For the second year in a row, an entirely white roster of performers has dominated the coveted acting categories at the Academy Awards. Jada Pinket Smith and Spike Lee have issued a boycott on these results and the impending ceremony, prompting the resurrection of the hashtag #OscarsSoWhite.
It is tempting to dismiss their comments as ironic, given the incredible level of success they have both achieved navigating the Hollywood meat grinder — as well as Smith’s husband Will formerly being considered the most bankable star in the world. But they are anomalies in a seas of white peers who are using the platform they have to speak out on a situation that cannot be accurately viewed as anything but regressive.
It may just be the Academy Awards to some, but the media diet we are fed from the boardrooms of L.A. reflects much broader cultural and social issues.
If Oscar winners (for acting categories) over the last 35 years are segregated by race, the issue of over and under representation becomes even more glaring. Approximately 13.2% of the American population is black versus 10% of the winners that have been black. Even worse is the representation of Hispanic and Latino Americans, who account for 17.1% of the country’s population but merely 3% of the winners’ circle.
It is exceptionally rare for a black actor to have a nominated role that is not a stereotype or a biopic — and the two are not mutually exclusive.
Lupita Nyong’o was the last black actor to receive an Academy Award, for her portrayal of Patsey in Steve McQueen’s 12 Years a Slave. It remains a shattering performance that indisputably deserved to win, but the nature of the role is problematic. The appalling reality of slavery should never be forgotten but these are some of the only roles that get noticed or are even written with a black actor in mind.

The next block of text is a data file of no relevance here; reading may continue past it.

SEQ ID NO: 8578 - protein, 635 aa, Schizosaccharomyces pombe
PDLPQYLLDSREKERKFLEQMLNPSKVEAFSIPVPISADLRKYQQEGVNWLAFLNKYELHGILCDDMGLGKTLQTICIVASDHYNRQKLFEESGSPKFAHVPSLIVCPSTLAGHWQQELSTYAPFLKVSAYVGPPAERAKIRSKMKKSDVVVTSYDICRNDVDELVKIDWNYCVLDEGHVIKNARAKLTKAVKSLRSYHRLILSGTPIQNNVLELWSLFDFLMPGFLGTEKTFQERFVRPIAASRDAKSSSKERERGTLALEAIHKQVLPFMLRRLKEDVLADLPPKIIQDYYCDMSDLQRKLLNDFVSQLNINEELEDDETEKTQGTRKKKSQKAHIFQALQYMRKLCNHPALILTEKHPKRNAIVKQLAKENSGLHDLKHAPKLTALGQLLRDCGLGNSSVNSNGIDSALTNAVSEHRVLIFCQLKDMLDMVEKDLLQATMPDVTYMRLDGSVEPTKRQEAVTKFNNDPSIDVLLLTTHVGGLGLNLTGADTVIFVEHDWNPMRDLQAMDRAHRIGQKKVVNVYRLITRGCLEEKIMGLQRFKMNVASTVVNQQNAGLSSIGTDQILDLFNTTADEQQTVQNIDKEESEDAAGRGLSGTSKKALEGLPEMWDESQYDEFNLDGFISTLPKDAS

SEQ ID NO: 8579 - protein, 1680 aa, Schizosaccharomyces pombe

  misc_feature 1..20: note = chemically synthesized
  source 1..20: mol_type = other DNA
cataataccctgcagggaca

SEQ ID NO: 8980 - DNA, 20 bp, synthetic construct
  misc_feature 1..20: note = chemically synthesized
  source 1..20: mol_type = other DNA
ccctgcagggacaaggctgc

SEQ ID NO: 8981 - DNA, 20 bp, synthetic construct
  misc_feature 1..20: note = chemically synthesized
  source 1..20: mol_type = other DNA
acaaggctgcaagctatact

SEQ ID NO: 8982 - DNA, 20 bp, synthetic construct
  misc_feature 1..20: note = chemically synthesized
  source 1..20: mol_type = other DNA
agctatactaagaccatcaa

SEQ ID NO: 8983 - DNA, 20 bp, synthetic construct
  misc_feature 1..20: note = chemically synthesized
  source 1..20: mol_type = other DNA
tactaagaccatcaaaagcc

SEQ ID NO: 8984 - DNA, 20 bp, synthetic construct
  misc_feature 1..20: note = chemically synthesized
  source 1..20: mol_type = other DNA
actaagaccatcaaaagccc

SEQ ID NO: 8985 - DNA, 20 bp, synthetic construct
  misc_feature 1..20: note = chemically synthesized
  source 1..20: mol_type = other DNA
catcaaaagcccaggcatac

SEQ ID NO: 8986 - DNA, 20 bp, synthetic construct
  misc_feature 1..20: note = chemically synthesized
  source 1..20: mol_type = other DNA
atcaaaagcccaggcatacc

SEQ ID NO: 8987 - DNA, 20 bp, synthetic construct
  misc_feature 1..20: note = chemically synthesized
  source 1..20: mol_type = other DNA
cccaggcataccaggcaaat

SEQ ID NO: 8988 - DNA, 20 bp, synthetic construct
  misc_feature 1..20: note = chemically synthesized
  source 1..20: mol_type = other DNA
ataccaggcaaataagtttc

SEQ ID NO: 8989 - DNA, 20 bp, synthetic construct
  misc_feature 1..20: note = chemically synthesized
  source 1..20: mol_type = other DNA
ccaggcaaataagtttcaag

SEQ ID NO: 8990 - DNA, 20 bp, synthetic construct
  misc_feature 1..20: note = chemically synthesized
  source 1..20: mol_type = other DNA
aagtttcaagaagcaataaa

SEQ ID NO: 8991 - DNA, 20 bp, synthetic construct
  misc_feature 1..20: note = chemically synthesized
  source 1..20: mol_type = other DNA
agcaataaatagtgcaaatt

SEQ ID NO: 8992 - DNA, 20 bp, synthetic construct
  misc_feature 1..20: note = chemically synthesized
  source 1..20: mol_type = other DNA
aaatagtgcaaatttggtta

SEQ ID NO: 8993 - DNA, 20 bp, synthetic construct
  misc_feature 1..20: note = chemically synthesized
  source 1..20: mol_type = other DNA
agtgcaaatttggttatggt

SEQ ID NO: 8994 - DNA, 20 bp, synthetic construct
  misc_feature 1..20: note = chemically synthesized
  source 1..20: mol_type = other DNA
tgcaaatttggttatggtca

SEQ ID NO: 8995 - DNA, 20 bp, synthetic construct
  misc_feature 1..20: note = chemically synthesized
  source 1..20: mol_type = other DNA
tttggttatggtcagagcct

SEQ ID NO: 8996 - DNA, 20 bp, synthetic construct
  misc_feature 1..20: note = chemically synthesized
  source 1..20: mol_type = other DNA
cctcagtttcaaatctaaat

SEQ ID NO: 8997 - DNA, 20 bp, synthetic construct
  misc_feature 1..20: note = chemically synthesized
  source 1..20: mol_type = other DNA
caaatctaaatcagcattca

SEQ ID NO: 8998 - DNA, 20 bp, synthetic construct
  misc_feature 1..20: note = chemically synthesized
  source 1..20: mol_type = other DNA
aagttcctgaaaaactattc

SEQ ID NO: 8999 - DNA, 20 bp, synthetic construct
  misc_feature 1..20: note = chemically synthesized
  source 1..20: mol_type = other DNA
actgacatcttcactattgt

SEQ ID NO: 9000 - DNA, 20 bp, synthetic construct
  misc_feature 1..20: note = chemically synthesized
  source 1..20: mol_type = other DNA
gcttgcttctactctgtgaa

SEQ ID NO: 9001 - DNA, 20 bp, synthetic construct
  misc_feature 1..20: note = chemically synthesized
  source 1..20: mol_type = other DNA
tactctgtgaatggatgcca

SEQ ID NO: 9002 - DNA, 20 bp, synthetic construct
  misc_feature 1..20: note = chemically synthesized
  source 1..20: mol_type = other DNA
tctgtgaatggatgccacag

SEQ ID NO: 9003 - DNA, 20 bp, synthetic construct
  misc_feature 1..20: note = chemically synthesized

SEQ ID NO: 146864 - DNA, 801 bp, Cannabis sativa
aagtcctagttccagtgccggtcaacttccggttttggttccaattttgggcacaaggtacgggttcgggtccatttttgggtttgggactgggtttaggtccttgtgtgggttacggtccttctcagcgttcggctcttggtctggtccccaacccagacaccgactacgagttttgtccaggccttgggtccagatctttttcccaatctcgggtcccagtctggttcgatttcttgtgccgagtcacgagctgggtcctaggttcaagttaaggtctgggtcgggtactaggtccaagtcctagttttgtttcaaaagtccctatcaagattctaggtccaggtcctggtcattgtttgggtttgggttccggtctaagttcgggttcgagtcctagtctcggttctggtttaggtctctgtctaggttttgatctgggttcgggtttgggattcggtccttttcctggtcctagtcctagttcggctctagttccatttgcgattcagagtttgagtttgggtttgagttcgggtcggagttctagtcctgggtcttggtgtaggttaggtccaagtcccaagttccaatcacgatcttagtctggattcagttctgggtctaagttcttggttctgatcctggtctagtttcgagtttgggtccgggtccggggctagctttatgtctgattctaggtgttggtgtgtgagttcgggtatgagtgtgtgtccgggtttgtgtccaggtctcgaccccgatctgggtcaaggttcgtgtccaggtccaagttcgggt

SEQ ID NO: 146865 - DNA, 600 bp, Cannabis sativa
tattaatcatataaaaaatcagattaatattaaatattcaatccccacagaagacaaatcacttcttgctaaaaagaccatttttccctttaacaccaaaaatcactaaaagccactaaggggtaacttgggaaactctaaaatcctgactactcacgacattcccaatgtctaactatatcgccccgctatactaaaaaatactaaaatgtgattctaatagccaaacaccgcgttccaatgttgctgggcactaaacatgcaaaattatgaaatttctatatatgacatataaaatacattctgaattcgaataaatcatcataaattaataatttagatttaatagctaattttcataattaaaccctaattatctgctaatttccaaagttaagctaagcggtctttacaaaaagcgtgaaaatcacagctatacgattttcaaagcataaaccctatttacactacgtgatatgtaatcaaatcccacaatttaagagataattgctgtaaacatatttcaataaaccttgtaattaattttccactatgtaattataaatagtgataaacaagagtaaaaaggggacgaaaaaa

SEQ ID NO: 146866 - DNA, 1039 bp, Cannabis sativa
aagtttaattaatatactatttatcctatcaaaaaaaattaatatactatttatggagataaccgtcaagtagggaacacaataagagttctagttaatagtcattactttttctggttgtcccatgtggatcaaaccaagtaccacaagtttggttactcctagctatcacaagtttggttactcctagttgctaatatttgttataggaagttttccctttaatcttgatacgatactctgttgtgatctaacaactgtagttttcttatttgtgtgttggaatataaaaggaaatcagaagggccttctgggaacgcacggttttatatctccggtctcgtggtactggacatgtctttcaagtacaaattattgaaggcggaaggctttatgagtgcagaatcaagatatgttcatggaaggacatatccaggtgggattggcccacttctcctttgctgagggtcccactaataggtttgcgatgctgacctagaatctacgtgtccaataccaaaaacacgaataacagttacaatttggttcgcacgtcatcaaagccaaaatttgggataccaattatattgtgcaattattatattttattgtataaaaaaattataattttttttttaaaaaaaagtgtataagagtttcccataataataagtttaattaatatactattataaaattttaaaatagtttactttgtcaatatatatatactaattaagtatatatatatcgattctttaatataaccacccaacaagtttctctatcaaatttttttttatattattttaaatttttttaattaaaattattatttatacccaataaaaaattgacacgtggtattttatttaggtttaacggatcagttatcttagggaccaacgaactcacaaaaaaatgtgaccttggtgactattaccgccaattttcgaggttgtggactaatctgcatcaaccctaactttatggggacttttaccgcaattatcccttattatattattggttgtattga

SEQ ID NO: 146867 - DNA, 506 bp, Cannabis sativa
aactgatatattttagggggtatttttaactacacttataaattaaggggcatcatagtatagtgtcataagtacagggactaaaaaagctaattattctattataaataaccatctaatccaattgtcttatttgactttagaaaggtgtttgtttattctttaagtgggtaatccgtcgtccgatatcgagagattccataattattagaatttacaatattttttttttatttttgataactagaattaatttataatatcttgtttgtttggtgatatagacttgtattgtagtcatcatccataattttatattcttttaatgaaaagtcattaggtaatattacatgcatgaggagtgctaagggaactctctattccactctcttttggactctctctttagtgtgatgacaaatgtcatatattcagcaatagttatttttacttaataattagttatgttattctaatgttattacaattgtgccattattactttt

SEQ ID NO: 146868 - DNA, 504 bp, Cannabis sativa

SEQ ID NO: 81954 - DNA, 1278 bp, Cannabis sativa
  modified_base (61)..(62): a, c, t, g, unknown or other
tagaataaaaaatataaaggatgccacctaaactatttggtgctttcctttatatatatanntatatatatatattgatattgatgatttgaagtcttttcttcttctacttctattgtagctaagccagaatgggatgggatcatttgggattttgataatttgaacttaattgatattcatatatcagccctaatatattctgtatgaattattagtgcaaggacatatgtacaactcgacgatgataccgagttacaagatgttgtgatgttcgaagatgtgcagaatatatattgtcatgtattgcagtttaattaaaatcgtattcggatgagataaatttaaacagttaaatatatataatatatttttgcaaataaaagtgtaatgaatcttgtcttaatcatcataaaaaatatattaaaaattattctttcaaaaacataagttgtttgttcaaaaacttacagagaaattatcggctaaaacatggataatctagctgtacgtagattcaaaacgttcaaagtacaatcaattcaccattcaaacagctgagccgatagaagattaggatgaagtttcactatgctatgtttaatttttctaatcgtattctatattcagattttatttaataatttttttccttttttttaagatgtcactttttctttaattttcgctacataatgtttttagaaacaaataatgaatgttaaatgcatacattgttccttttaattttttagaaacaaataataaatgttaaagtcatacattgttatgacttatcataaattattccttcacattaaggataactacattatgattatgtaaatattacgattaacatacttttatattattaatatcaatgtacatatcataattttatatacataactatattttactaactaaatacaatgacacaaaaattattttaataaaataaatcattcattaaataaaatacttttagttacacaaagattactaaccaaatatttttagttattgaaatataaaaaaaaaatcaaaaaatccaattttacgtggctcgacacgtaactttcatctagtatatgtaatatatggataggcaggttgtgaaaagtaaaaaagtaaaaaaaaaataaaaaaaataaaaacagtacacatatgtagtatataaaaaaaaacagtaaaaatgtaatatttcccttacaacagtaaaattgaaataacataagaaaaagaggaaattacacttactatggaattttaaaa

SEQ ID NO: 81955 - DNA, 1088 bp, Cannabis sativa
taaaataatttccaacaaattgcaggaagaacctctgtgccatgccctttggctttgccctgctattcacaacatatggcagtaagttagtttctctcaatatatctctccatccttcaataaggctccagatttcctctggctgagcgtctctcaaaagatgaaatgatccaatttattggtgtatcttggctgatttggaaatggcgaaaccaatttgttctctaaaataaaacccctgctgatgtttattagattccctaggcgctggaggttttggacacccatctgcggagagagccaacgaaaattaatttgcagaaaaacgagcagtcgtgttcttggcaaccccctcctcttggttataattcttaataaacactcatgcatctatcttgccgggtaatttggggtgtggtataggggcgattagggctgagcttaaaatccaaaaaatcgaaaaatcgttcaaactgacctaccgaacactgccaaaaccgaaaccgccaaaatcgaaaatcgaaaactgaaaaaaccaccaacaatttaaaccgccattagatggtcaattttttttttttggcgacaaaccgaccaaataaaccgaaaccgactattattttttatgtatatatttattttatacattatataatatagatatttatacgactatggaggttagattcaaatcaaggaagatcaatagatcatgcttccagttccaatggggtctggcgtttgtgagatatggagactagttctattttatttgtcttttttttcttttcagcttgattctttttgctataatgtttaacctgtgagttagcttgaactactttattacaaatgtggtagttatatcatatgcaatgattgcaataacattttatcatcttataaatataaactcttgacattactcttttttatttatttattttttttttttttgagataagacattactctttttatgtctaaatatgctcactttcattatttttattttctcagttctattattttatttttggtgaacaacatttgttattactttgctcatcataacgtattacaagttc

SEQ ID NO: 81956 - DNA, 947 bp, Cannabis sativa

In 1940, Hattie McDaniels became the first black actor to win an Oscar. She won Best Supporting Actress for her portrayal as a slave in Gone with the Wind. In 2014, Nyong’o won Best Supporting Actress for her role as a slave.
What has evolved in the subsequent 75 years between these roles? The brutality in which they are allowed to be depicted.
In Star Wars: The Force Awakens, John Boyega’s character Finn was a major asset to the film’s acclaimed progressive tones. Not only is the male lead black with a Guatemalan sidekick (Oscar Isaac), but the arc of the character — average pawn becoming extraordinary hero — is almost always only bestowed on a white actor.
It is ironic that the industry of the Academy — especially during the awards ceremony itself — purports to celebrate and encourage inclusivity, which is what art should inherently be. But the merits of art are often far from the viewer’s mind when watching what increasingly resembles a Caucasian popularity contest.
Many have made the argument that no black actors were nominated this year because their individual performances did not warrant the nominations. This is absurd. To pick but one example: Idris Elba and Abraham Attah both drew universal critical praise for their roles in Cary Fukunaga’s sprawling Beasts of No Nation.
The film’s subject matter (the traumatic experiences of a child soldier in an unnamed West African country) also seemed like prime award material. Both actors were tipped to secure nominations in lead and supporting actor categories respectively, but instead we must bear witness to the infernal hype machine that throbs around Leo for mugging and grunting in the dirt for all 156 minutes of the Tarkovsky-lite The Revenant.
The rumour mill around Idris Elba being cast as the next James Bond continues to swirl — including the incredibly thin chance that the iconic character’s sexual orientation would be more ambiguous. Even though Elba is clearly the best candidate for the role, the prospect of a black gay Bond is so subversive that conservative America’s collective face would melt.